We're still going to get to 20% well before our lender's projection, but we'll be focused on student loans first because it's a better return for our money.

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  2. I feel your pain! Our down payment at 20% is $50,000. When it comes out of our accounts in Feb we might actually cry. Thankfully we don't have really any closing costs and we just have to pay our lawyer 2,000 and we should be good to go. Then comes the furnishings and renos - our rental we live in now came fully furnished so we don't have any furniture!

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    1. Wow, I wish we'd had such low closing costs! Still, I guess furniture costs well more than the $6,000 difference between your closing costs and ours. Good luck!

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  3. Great post. We just bought a house too and we also got approved for almost $500k. I was shocked. We spent less than half of that and made sure we could afford it on my salary (the lower amount) if we absolutely had to. My husband was very uncomfortable with high monthly payments---my frugality is rubbing off on him! Our house needs a little bit of work, but we are able to save money quickly for those jobs now. We gutted an remodeled a bathroom within 2 weeks of owning the place, paid for in cash. There are a few more projects we want to do and then we will put extra money down on the principle. It feels good to be able to have that huge buffer in our budget and I love being able to write checks for our projects :)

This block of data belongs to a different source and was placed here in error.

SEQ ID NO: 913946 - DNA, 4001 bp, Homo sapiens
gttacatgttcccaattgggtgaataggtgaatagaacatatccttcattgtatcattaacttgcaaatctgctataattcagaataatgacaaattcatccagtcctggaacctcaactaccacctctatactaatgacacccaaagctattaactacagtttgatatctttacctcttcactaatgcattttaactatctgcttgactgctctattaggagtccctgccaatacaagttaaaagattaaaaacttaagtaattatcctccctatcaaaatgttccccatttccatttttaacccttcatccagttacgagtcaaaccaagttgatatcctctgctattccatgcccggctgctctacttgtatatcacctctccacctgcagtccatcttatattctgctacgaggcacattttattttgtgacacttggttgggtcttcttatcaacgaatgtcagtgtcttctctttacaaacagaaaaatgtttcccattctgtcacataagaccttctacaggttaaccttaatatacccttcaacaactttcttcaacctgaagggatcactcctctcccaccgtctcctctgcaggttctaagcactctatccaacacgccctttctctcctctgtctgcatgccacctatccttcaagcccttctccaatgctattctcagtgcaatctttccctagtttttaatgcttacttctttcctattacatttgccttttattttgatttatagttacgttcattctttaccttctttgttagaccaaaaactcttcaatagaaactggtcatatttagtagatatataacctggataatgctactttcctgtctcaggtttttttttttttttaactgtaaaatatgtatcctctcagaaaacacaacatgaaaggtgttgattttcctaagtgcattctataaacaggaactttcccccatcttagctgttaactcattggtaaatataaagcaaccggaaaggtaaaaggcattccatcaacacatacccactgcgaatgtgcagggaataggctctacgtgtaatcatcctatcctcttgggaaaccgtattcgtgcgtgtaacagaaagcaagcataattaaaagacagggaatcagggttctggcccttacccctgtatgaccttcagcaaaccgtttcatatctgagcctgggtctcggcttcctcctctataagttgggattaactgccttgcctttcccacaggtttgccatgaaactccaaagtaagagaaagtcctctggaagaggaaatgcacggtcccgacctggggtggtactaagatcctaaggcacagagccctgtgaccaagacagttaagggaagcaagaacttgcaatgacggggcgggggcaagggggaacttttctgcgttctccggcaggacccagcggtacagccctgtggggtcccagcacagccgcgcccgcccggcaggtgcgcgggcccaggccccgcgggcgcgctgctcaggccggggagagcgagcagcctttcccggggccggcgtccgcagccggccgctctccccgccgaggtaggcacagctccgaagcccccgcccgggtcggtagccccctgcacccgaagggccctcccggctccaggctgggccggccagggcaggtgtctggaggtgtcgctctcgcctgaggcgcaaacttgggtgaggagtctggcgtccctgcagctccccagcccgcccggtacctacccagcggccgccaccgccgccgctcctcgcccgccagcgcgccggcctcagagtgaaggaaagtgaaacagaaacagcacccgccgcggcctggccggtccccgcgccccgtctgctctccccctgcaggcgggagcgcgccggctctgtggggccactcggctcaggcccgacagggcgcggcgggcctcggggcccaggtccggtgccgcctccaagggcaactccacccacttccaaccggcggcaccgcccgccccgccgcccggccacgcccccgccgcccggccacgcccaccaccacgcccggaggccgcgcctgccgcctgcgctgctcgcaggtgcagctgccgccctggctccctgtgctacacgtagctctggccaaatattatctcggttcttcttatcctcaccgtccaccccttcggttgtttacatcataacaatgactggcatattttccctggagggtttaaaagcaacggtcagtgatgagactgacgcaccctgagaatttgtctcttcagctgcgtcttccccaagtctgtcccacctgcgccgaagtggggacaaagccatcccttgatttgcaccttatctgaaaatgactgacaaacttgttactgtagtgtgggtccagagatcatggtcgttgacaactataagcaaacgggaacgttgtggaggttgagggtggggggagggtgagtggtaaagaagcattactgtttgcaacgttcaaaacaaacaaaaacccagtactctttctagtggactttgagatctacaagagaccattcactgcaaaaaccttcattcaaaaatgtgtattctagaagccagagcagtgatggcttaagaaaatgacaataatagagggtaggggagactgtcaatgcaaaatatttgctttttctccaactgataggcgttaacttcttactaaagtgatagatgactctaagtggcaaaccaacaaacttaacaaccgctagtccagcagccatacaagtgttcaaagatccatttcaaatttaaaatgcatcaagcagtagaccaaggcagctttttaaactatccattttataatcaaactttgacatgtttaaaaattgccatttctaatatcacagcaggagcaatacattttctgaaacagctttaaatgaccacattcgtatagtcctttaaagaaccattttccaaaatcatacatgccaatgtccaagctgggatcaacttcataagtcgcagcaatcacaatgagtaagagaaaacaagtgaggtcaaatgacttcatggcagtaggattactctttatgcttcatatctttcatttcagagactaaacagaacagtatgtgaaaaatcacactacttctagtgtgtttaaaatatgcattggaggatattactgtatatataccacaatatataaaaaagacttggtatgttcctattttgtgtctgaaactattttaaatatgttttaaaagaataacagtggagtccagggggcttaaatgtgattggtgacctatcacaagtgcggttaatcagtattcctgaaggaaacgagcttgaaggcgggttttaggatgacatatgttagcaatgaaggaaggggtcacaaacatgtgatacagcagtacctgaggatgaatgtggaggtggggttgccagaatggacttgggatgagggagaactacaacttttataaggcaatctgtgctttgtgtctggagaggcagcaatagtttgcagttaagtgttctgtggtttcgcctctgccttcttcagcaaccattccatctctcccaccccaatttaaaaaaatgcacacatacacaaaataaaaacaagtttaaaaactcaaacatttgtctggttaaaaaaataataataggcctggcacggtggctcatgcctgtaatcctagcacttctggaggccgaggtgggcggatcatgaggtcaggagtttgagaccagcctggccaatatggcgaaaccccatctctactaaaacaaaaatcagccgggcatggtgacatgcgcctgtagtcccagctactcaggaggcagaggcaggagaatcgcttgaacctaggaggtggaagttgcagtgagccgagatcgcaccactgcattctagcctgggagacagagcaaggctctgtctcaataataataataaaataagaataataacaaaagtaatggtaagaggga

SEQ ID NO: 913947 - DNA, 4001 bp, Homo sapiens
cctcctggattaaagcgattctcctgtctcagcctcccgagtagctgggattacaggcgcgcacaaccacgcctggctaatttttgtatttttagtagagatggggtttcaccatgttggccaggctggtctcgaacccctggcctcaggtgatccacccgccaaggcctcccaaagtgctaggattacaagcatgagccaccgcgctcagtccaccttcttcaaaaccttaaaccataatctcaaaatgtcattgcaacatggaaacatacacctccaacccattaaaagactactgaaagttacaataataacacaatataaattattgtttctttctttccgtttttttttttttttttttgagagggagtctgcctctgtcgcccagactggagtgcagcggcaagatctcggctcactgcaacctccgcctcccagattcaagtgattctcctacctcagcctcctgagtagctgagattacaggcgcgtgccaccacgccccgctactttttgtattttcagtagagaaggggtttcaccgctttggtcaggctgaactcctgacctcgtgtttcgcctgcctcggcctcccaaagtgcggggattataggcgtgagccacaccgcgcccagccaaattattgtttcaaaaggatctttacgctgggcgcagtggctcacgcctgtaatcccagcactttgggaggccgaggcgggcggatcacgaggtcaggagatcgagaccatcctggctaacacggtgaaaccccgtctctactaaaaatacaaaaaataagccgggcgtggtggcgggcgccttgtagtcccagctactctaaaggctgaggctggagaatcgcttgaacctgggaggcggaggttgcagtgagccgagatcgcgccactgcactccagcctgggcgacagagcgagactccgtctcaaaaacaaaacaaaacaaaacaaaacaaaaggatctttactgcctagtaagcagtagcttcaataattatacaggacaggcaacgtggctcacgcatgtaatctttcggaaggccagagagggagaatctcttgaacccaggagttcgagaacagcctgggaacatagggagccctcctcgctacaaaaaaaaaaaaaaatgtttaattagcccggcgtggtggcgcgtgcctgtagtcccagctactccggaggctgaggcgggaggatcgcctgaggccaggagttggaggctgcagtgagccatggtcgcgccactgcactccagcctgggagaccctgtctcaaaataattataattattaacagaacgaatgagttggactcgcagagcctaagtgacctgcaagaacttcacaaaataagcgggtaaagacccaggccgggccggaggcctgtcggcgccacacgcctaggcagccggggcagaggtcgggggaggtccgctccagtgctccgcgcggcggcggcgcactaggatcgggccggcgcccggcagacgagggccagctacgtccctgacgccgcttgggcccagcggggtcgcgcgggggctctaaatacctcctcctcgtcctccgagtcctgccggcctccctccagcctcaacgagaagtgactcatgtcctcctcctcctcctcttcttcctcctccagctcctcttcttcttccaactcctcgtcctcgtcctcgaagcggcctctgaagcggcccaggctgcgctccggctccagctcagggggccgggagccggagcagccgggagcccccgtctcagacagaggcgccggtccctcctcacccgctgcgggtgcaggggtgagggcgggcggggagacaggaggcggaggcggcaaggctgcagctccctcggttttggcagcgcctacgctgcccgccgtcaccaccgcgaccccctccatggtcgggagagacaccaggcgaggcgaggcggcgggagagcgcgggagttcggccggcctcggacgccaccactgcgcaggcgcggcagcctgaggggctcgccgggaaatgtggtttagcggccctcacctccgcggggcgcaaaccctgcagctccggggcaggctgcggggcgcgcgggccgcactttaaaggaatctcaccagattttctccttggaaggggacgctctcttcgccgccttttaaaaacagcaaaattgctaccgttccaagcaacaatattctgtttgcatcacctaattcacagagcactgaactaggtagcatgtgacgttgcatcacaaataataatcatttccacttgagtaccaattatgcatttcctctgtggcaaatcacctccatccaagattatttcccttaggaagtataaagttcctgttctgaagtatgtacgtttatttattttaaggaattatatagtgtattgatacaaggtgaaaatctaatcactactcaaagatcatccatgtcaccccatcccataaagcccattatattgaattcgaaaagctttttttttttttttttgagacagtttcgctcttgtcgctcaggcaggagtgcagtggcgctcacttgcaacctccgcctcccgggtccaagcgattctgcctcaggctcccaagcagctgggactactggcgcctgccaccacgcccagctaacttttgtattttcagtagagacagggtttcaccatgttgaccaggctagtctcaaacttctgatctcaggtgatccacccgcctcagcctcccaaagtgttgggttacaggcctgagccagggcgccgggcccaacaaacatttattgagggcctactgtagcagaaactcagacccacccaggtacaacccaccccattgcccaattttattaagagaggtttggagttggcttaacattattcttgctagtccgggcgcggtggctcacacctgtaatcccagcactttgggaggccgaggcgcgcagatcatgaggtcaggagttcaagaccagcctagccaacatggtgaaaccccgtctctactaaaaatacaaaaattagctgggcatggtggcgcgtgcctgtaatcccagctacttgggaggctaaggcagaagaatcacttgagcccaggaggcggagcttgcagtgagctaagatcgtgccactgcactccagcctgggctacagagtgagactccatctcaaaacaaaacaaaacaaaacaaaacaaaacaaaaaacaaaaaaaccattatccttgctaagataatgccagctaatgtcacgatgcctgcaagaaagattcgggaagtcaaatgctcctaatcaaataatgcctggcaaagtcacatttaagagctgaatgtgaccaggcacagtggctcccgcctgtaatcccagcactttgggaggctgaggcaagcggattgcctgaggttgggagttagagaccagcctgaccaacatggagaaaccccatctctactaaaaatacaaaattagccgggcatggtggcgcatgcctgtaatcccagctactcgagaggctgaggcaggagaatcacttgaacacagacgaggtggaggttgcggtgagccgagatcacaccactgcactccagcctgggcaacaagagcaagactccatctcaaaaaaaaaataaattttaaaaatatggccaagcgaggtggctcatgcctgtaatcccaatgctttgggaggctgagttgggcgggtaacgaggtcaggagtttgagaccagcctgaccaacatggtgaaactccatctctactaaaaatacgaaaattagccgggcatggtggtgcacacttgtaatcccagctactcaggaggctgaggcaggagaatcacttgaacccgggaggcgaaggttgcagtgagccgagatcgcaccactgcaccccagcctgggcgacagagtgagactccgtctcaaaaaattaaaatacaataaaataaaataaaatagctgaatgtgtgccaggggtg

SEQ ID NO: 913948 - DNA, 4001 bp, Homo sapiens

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    1. One of the places we looked at needed extensive updating and remodeling. The mortgage payment would have been quite low and we *probably* could have paid cash for it as we went, but I didn't want to live in a construction site for months on end. Still, taking on a lower monthly payment is the only way we could have even entertained the option!

      Congrats to you and your husband for staying within your own budget - not the bank's!